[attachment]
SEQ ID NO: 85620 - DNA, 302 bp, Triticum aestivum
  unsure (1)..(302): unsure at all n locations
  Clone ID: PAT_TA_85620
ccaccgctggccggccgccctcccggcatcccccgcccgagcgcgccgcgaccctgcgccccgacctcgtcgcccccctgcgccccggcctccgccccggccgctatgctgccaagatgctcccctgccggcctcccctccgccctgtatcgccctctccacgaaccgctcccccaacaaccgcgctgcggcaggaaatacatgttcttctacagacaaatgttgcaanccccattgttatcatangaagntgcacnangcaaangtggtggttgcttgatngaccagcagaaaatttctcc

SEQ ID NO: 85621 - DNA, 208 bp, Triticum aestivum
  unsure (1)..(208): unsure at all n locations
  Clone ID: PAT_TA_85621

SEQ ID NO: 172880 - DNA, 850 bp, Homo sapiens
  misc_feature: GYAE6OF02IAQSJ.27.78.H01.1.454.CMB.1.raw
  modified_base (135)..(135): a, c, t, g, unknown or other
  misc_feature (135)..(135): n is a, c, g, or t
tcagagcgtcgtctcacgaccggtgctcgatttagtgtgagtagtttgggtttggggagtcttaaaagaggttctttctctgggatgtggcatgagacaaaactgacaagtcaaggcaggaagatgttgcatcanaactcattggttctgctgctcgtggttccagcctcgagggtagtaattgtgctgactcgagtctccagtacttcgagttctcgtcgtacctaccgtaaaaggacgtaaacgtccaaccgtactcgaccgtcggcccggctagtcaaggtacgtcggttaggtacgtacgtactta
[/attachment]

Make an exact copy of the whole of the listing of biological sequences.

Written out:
SEQ ID NO: 85620 - DNA, 302 bp, Triticum aestivum
  unsure (1)..(302): unsure at all n locations
  Clone ID: PAT_TA_85620
ccaccgctggccggccgccctcccggcatcccccgcccgagcgcgccgcgaccctgcgccccgacctcgtcgcccccctgcgccccggcctccgccccggccgctatgctgccaagatgctcccctgccggcctcccctccgccctgtatcgccctctccacgaaccgctcccccaacaaccgcgctgcggcaggaaatacatgttcttctacagacaaatgttgcaanccccattgttatcatangaagntgcacnangcaaangtggtggttgcttgatngaccagcagaaaatttctcc

SEQ ID NO: 85621 - DNA, 208 bp, Triticum aestivum
  unsure (1)..(208): unsure at all n locations
  Clone ID: PAT_TA_85621

SEQ ID NO: 172880 - DNA, 850 bp, Homo sapiens
  misc_feature: GYAE6OF02IAQSJ.27.78.H01.1.454.CMB.1.raw
  modified_base (135)..(135): a, c, t, g, unknown or other
  misc_feature (135)..(135): n is a, c, g, or t
tcagagcgtcgtctcacgaccggtgctcgatttagtgtgagtagtttgggtttggggagtcttaaaagaggttctttctctgggatgtggcatgagacaaaactgacaagtcaaggcaggaagatgttgcatcanaactcattggttctgctgctcgtggttccagcctcgagggtagtaattgtgctgactcgagtctccagtacttcgagttctcgtcgtacctaccgtaaaaggacgtaaacgtccaaccgtactcgaccgtcggcccggctagtcaaggtacgtcggttaggtacgtacgtactta